Review: The Fifth Petal

I tend to have pretty strong reactions to books. I love them–or at least love parts of them. Or, I hate them and, therefore, bail. I think one of the reasons for my reactions is that I honestly only read books if I’m in the mood for them. It is, therefore, a rare occasion that I read a book that I want to love, that has me intrigued, but at the end, my reaction isn’t that strong. That’s how I feel about Brunonia Barry’s newest novel, The Fifth PetalContinue reading

The Bear and the Nightingale: A Review

Anyone who knows me also knows my love of fairy tales. However, I know a lot about fairy tales and haven’t encountered an unfamiliar telling since reading Uprooted by Naomi Novik a couple of years ago. Until, I discovered Katherine Arden’s debut,  The Bear and the Nightingale.

bearandthenightingale_ecards_v2-2The Bear and the Nightingale takes readers on a thrilling journey to a northern village in medieval Russia where religion and magic coexist and where the long winters are cruel. When Pyotr’s wife, Marina, dies in childbirth, he tries for years to raise his children alone, including his last-born daughter. Vasya is a wild, strong-willed, “unmaidenly” girl with “fae green eyes” and the abilities of her grandmother to see magic all around her.  Continue reading

The Strays by Emily Bitto: A Review

I believe in supporting emerging literary voices, so in 2016, I vowed to read more debut novels. I read many, and some were my favorite books of the year. Emily Bitto’s The Strays was one such book. I read the book in the Fall of 2016, but The Strays only became available to readers in the U.S. yesterday, January 3, 2017 (hence, I didn’t include it in my 2016 list of books).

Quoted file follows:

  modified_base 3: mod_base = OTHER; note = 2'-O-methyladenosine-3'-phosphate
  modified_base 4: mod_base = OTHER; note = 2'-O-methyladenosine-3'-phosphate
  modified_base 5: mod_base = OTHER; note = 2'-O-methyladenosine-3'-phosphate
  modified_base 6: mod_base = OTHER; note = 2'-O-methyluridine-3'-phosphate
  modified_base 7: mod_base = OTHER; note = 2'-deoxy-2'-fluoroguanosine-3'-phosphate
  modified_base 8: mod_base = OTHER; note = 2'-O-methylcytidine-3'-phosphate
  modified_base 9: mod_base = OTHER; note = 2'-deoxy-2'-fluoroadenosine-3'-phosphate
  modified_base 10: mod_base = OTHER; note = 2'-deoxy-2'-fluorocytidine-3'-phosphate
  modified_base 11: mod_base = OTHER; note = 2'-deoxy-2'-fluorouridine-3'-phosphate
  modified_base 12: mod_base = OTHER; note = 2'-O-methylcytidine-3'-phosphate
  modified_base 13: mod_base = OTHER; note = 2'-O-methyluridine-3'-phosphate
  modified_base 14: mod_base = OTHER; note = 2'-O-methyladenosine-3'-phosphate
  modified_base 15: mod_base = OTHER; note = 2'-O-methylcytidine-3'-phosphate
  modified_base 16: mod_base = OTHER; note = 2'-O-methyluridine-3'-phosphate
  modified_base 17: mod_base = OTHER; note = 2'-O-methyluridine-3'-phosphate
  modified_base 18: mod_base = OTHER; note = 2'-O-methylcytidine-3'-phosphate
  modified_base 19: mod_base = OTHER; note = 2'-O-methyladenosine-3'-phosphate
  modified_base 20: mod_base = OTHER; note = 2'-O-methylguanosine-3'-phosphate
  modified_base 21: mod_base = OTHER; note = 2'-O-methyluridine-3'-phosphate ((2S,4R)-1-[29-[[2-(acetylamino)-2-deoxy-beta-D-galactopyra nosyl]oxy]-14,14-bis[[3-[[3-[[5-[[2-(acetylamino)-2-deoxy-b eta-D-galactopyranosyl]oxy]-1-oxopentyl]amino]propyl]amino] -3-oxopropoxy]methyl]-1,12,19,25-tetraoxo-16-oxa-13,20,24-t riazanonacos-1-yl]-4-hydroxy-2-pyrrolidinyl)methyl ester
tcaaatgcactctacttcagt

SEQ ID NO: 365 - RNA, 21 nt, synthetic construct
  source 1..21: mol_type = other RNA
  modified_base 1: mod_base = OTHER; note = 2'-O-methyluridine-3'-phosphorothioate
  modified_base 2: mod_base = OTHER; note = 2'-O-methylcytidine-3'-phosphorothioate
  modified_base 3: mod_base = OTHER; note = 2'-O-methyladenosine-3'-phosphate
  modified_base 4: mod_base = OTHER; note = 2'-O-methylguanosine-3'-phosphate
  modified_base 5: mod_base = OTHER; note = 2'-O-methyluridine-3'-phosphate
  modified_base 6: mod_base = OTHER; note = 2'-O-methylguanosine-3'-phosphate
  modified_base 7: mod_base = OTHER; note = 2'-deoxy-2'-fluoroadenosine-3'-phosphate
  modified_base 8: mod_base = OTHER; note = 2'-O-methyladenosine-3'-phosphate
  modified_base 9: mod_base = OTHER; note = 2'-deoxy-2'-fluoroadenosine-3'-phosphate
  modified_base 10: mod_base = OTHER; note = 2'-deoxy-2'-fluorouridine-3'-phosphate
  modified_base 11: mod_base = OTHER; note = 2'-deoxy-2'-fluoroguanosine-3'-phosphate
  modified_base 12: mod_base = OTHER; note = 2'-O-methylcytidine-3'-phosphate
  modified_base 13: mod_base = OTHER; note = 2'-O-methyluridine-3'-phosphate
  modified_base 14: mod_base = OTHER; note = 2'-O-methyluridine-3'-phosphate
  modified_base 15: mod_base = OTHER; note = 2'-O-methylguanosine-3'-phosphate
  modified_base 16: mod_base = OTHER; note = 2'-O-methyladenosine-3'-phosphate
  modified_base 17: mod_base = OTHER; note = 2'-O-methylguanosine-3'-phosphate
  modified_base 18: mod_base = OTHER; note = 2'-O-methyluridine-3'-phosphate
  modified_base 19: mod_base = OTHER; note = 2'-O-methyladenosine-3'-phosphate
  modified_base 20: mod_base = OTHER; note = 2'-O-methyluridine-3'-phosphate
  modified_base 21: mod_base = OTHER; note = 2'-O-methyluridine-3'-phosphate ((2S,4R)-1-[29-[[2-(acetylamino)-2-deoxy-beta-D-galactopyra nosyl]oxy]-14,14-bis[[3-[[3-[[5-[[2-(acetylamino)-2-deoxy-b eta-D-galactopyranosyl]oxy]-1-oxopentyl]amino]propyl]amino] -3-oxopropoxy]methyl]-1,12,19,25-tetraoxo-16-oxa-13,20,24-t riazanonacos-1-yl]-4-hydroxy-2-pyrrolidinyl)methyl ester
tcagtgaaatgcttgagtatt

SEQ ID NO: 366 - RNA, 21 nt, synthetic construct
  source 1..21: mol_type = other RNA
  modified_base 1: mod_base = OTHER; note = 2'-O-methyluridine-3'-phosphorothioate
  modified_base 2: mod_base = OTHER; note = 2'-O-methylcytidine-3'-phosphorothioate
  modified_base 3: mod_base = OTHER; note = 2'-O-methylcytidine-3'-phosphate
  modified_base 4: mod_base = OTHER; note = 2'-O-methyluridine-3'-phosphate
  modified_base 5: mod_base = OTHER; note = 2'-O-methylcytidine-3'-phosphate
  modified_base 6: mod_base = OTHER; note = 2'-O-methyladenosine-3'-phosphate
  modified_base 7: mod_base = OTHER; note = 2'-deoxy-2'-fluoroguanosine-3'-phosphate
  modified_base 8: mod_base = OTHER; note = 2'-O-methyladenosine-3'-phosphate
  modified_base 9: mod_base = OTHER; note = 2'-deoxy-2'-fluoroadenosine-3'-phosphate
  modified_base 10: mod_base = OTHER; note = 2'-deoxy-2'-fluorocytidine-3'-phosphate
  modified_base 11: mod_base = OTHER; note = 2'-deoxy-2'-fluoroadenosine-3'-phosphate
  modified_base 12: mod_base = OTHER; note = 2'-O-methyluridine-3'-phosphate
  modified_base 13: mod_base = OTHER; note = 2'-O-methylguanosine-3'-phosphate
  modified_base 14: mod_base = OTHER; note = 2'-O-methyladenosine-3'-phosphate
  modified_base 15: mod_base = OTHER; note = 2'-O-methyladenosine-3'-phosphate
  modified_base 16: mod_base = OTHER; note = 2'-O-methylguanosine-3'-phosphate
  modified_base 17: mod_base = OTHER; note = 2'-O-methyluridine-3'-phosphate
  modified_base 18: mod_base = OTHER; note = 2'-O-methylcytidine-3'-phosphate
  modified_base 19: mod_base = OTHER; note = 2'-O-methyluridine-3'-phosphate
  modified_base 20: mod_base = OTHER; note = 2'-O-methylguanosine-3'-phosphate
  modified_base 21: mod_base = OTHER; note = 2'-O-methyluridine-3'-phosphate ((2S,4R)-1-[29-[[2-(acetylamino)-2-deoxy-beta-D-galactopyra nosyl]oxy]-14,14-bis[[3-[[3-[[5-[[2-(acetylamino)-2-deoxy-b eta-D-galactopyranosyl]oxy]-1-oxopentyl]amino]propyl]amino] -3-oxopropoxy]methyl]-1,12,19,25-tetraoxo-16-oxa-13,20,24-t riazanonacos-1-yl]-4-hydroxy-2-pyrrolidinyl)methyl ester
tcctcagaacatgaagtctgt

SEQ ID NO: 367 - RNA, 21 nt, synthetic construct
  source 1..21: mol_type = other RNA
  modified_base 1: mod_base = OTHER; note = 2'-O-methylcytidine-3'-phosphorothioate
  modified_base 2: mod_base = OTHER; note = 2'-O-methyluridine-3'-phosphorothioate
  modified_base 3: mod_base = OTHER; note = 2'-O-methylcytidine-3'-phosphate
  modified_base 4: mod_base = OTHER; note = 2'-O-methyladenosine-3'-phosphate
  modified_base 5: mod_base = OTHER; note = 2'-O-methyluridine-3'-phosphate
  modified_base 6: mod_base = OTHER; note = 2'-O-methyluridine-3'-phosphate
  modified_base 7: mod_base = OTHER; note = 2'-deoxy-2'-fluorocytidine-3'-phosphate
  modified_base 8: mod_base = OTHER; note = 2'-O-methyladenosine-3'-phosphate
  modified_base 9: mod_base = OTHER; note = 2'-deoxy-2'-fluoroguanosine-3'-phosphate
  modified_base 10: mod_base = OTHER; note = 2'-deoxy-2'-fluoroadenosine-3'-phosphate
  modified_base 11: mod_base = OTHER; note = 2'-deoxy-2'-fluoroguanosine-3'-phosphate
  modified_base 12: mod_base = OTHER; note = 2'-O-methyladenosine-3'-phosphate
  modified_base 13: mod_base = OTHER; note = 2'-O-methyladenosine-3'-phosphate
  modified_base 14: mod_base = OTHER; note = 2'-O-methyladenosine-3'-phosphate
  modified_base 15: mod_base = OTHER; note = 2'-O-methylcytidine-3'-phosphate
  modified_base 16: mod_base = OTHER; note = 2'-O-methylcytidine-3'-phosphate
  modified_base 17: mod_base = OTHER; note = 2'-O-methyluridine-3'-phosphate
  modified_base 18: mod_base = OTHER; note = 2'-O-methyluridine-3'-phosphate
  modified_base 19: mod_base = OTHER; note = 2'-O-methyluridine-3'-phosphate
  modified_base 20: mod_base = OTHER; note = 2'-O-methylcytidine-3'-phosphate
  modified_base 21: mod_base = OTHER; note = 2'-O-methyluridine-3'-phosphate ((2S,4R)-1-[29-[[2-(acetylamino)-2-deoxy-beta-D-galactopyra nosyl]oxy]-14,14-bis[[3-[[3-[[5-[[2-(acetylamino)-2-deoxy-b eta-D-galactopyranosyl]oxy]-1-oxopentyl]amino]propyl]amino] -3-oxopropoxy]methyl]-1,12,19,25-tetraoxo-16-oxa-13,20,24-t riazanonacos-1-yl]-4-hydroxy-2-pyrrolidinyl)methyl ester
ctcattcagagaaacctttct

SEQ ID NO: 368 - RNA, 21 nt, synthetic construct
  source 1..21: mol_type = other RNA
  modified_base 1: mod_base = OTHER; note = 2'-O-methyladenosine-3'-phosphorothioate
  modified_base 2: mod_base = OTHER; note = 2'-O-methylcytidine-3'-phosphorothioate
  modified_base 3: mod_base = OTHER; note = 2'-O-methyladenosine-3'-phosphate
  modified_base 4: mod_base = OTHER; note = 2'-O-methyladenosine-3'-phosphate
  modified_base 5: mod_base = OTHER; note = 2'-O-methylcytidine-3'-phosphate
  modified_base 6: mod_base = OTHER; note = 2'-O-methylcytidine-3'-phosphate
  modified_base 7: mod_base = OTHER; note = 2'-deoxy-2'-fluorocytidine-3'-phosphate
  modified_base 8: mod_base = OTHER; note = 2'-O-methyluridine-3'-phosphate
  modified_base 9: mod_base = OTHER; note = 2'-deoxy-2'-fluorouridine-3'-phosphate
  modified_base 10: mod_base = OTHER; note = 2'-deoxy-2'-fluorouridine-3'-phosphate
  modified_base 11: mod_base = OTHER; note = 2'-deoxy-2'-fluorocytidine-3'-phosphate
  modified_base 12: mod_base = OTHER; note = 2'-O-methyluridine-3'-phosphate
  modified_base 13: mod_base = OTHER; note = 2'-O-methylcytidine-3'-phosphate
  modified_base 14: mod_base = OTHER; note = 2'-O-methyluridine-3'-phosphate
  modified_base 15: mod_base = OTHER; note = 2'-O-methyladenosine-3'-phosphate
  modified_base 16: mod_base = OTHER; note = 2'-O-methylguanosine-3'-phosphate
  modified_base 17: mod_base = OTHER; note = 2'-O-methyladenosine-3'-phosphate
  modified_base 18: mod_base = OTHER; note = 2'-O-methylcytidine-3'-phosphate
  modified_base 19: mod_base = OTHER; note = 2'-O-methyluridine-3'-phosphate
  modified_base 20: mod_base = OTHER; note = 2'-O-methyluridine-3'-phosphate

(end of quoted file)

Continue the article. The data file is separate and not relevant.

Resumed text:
the-straysIn 2015, debut novelist, Emily Bitto, received the Stella Award, a book award that recognizes Australian women writers of fiction and nonfiction and the second major literary award in Australia.

Her debut, The Strays, is story of friendship, an avant-garde artists’ colony, a band of bohemian artists, and secrets that bind or break relationships. The novel is framed as a memoir. In 1985, Lily reflects on one of her most influential childhood friendships and her experiences living with the eccentric Trentham family in the 1930s.

Lily and Eva meet  when they are eight years old, though they come from very different worlds. Lily, a child of middle-class suburban parents, lives a relatively “normal” and sedate life, a life filled with routine and order. Eva, the child of two wealthy, bohemian parents lives in a world of beauty, chaos, and passion. For Lily, her attraction to  Eva and the Trentham family is immediate and profound. It is this attraction that Lily describes in the opening of the book:  Continue reading